It is Race WEEK and you are now well and truly into your final Taper ready for Bintan 70.3 on Sunday!

But What exactly does this mean?
And what should you be doing?

It is important to realise that a Taper is different and specific for everyone. What works for a 25 year old male doing his very first 70.3 who has regularly trained 20 hours a week might not work for the 60 year old female doing her 20th 70.3 training 10 hours a week. We are all different physically and mentally and your taper should reflect that.

I personally have experimented with many different variations from 2 weeks to 3 – 5 days. Decreasing volume but maintaining intensity and vice versa. It is very easy to get caught up in what other people are doing and that you should be doing the
same. But you need to trust your plan and trust your coach.

Below are 10 Tips to consider during your final week of Taper
1 – At this stage “Less is More!” You are not going to gain any fitness during the final week leading
into the race, but you CAN make yourself tired and lacking energy if you do to much! No one
session this week should leave you feeling excessively fatigued. If anything you should feel like
you want to do more…..but you wont 🙂

2 – You generally want to drop your volume 40 – 60% over your taper period. Studies have shown
that anything less is not affective enough and anything more may result in loss of efficiency and
ability to push and pace yourself.

3 – Decrease the volume but still include some high intensity efforts. This has been proven to
maintain the training benefits you have worked so hard for over the previous months despite the
decrease in training volume.

4 – I have never felt great at the beginning of my taper, so don’t be alarmed if you feel that way. A
little flat and tired as the body is in full recovery and race mode. But as time goes on I start to feel
better and better….so by race day the body and mind are ready to go!

5 – Sleep!! Make it a priority! Try and bank a few extra hours during the week if you can. You are
not training as much so hopefully this will give you the time to do that. It is normal not to sleep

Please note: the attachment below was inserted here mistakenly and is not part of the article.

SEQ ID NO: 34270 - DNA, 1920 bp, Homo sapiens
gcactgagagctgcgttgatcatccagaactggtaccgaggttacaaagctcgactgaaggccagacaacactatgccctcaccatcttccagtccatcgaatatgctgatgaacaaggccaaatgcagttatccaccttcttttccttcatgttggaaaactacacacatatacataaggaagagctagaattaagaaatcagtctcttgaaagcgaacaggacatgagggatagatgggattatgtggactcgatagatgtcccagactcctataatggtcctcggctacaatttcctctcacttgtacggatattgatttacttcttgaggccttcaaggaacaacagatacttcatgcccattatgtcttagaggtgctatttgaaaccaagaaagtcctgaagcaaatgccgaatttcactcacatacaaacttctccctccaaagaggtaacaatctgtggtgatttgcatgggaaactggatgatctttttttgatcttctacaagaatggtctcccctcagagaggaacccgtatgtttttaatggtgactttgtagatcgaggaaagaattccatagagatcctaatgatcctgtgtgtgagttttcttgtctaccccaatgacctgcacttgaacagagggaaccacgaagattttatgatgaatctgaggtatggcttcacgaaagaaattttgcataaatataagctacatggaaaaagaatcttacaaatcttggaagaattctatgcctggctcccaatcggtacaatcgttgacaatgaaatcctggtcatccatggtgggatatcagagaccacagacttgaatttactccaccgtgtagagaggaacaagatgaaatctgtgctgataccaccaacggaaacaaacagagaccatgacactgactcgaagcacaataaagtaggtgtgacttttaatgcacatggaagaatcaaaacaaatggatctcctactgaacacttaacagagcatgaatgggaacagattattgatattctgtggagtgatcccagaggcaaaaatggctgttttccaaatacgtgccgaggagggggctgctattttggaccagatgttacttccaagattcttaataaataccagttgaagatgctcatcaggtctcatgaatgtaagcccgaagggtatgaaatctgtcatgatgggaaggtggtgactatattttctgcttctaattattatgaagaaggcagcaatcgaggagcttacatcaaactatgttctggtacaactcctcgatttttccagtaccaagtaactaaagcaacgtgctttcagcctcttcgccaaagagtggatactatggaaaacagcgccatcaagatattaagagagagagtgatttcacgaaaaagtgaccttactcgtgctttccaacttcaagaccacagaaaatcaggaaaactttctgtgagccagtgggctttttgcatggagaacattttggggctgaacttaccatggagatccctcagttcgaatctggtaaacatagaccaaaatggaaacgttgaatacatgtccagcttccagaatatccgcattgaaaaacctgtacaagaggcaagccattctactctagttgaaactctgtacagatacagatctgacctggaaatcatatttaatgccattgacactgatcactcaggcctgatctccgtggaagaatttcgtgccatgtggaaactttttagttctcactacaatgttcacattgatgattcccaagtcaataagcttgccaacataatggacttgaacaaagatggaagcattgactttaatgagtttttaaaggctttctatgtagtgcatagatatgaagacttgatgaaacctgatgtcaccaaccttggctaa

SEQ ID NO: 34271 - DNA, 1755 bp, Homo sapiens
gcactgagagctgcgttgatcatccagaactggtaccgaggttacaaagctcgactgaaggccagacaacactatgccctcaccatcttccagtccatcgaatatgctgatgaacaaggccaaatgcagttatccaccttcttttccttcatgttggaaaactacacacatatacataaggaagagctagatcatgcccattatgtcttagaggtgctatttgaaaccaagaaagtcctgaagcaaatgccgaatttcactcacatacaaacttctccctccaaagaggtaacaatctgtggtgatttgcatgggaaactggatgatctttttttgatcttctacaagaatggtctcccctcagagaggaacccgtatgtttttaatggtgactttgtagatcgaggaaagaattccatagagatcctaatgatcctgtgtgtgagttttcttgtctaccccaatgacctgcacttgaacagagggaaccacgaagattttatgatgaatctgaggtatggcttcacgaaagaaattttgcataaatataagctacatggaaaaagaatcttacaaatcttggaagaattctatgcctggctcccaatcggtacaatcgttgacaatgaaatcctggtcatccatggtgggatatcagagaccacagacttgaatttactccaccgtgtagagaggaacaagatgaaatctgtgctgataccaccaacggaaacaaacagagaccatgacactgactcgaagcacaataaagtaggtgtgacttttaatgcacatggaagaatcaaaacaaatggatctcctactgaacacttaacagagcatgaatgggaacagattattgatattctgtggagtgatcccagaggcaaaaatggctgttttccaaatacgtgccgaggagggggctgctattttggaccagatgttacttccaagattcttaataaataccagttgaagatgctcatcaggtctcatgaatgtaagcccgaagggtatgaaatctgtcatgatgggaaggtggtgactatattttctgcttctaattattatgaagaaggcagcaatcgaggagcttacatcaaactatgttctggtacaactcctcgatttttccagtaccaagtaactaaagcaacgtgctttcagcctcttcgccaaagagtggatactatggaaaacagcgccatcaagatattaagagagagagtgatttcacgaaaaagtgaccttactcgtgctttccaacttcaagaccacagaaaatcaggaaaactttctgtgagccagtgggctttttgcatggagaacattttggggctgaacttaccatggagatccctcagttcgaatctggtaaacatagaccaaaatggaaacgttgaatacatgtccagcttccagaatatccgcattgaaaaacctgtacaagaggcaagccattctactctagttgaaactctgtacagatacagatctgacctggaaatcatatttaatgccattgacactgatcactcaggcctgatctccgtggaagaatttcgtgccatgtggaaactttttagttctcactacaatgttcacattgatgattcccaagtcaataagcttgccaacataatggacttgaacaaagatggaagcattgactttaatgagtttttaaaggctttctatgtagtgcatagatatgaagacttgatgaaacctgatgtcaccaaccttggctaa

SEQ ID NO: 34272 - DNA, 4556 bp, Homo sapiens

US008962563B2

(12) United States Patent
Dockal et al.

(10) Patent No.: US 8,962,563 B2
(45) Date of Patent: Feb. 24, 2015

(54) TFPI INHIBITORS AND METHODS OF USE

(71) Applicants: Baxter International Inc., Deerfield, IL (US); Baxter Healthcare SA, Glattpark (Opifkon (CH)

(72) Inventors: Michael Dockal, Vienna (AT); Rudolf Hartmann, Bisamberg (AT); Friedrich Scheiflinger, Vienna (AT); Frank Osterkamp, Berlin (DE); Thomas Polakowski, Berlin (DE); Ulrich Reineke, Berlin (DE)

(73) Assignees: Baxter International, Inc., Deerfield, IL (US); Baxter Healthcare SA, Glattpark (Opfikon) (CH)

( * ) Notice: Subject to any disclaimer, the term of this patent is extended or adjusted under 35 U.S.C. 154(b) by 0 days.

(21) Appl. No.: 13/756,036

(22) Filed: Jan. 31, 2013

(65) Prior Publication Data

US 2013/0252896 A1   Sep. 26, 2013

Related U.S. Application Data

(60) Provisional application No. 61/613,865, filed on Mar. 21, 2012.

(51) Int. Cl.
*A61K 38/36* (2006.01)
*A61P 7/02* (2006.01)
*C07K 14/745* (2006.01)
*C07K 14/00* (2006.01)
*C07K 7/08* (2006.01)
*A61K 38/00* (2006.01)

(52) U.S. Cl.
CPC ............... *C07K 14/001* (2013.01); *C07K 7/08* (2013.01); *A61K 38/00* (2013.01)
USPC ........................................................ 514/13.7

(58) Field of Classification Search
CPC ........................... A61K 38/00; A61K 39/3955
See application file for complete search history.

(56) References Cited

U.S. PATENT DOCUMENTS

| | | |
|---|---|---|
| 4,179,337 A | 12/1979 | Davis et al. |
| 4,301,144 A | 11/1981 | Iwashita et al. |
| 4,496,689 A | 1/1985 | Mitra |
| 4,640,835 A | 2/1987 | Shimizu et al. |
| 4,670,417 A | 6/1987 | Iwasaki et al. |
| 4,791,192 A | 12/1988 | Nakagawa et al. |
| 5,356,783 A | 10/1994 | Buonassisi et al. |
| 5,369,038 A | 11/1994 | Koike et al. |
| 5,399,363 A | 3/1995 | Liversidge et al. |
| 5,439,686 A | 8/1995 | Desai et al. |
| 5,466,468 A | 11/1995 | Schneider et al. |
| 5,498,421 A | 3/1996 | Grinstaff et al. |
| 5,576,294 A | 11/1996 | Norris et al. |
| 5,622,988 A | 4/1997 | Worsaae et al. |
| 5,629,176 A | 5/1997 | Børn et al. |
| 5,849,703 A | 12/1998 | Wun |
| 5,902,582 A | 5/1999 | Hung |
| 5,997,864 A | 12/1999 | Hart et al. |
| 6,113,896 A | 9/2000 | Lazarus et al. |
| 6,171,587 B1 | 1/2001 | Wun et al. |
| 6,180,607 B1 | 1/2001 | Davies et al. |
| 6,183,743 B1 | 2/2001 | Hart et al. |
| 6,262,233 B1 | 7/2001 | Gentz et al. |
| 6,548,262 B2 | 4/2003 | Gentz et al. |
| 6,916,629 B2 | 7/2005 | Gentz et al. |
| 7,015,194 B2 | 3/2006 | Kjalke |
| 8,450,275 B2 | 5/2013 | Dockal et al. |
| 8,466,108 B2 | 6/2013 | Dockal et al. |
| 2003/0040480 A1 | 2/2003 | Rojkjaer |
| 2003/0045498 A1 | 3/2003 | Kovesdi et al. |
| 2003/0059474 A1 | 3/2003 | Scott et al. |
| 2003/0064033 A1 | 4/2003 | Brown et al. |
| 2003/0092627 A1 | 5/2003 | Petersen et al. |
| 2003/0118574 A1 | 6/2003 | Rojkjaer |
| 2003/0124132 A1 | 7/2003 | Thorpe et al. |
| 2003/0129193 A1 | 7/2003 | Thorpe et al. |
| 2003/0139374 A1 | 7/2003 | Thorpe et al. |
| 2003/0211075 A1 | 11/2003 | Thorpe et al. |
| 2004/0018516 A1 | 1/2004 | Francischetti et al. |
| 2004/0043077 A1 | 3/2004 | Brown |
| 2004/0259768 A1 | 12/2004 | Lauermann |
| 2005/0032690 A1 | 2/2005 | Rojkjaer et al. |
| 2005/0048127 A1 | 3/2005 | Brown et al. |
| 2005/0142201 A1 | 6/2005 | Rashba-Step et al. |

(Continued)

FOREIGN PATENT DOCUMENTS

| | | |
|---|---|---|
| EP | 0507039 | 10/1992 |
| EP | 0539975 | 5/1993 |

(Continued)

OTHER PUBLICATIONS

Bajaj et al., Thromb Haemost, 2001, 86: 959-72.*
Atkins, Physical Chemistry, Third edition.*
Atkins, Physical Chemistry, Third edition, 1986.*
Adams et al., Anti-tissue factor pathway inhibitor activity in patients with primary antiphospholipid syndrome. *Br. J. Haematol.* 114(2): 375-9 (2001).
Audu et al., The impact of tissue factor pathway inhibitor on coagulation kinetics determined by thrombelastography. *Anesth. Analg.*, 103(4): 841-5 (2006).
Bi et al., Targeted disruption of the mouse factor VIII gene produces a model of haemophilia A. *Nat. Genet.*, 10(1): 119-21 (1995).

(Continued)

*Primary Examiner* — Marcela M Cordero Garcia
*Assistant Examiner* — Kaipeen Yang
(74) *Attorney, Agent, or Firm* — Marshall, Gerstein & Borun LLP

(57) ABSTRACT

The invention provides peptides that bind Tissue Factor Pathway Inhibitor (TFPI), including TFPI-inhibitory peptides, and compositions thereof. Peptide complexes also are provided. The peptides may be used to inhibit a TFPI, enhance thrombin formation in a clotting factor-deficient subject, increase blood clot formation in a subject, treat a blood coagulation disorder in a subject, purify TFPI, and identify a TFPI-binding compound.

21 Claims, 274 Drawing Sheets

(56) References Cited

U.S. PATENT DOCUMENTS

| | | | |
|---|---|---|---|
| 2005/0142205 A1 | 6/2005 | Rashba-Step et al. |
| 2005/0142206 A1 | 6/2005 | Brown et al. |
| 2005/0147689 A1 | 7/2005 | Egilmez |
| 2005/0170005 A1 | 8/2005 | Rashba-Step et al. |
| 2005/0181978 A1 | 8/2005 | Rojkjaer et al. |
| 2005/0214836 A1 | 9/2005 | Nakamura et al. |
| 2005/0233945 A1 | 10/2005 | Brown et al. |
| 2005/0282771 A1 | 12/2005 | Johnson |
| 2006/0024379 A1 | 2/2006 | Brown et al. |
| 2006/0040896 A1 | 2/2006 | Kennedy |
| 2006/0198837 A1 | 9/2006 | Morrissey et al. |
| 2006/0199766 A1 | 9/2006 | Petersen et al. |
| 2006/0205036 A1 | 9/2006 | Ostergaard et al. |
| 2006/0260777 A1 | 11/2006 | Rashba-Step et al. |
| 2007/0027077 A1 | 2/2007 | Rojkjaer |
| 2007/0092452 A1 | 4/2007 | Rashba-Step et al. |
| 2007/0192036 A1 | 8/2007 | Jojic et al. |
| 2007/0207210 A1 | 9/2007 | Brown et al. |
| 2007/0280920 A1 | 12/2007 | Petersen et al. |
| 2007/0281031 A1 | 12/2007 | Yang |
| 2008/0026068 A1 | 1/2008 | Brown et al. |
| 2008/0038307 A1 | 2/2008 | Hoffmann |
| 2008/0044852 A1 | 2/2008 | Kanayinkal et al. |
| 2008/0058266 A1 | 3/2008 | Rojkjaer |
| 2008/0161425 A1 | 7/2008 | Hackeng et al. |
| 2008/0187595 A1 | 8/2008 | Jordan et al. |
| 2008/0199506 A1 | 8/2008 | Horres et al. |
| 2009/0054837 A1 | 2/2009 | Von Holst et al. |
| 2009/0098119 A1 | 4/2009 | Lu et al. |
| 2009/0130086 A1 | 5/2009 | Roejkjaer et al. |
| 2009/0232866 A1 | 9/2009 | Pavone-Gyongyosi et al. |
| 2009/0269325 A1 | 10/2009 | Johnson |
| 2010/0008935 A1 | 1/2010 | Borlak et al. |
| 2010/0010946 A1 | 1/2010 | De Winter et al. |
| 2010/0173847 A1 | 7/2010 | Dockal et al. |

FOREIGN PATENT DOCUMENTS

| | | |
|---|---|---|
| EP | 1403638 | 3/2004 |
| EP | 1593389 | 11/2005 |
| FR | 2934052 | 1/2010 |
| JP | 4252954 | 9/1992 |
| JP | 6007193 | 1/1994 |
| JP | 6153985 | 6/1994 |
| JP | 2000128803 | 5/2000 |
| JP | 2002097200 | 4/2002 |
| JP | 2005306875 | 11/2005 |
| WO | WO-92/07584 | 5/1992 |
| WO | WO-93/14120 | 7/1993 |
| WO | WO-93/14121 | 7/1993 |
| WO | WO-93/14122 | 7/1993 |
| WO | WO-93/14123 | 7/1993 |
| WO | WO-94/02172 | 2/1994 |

well the night before the race. I am a terrible pre race sleeper. In fact it used to really stress me out
and then I would get even less!! Some races only 2 – 3 hrs! But I have learnt that I can still race
and it doesn’t impact my performance. It is more important for me to sleep well the week leading
into the race then it doesn’t matter what happens the night before, I am good to go!

6 – If you are going to have a day off – don’t do it the day before the race! Generally after a rest
day or day off you don’t feel so great the next day. So the preference would be 2 days before or
earlier in the week if significant travel is involved.

7 – The day before you want to prepare your body by doing a short session in each of the 3
A 15 – 20min Swim at the swim start if possible. This way you can familiarise yourself with the
course. Take note of the entry and exit and in particular for Bintan the sand bank. How long will
you porpoise before swimming? The straightest line between buoys. Landmarks you can use to
site when swimming back into to short.
Bike – Anywhere from 30 – 60min. Some athletes are happy with 30min easy spin while others like
a little longer and to include a few 60sec pick ups at race pace effort.
Run – 15 – 30min again mostly aerobic ……but you can include a few 30 – 60sec race pace
You want to aim to try and do this first thing in the morning so you can spend the rest of the day
resting with your feet up.
This is also a great opportunity for one final check that you all have your gear organised and
equipment / bike is working great and ready to go!

8 – In particular for hot and humid races (like Bintan) consider increasing your salt intake a few
days before the race. You can do this by adding additional salt to your meal or having 1 or 2 salt
tablets throughout the day. Guy and I actually travel with a small container of Himalayan Sea salt
which I add to water bottles leading into the race.

9 – Manage yourself! By this I mean mentally! You will have more time to think this week and that
is when the negative thoughts start creeping in! Should have, could have! But the truth is, I am
sure you did the best you can! I don’t believe that any lead up to a race is perfect. There will
always be something. Even for us at the Professional level. Illness, injury, work, family, life just
gets in the way! Sessions missed here and there. It happens.
Right now your goal is to focus on what you can Control! And not worry about what you can’t!
Andy Kirkland has designed a table for athletes to highlight the Controllable v’s Uncontrollable so
that strategies can be put in place to deal with them.

By Andy Kirkland

10 – In regards to diet and nutrition, you are not training as much this week so your body doesn’t
need as many calories. Be mindful of what you are eating, sticking to foods that are normal to
you. We increase our carbohydrate intake the day before the race. With Breakfast being the
biggest meal of the day. Then continue to add carbs and snack through the day. Dinner is usually
around 5.30pm so we are not trying to sleep on a full stomach! And hydrate, Hydrate, Hydrate!
Most of all – remember to breath, relax and HAVE FUN!! You do this sport because you enjoy it
and love the challenge! Embrace the amazing atmosphere, the excitement and the support from
those around you.



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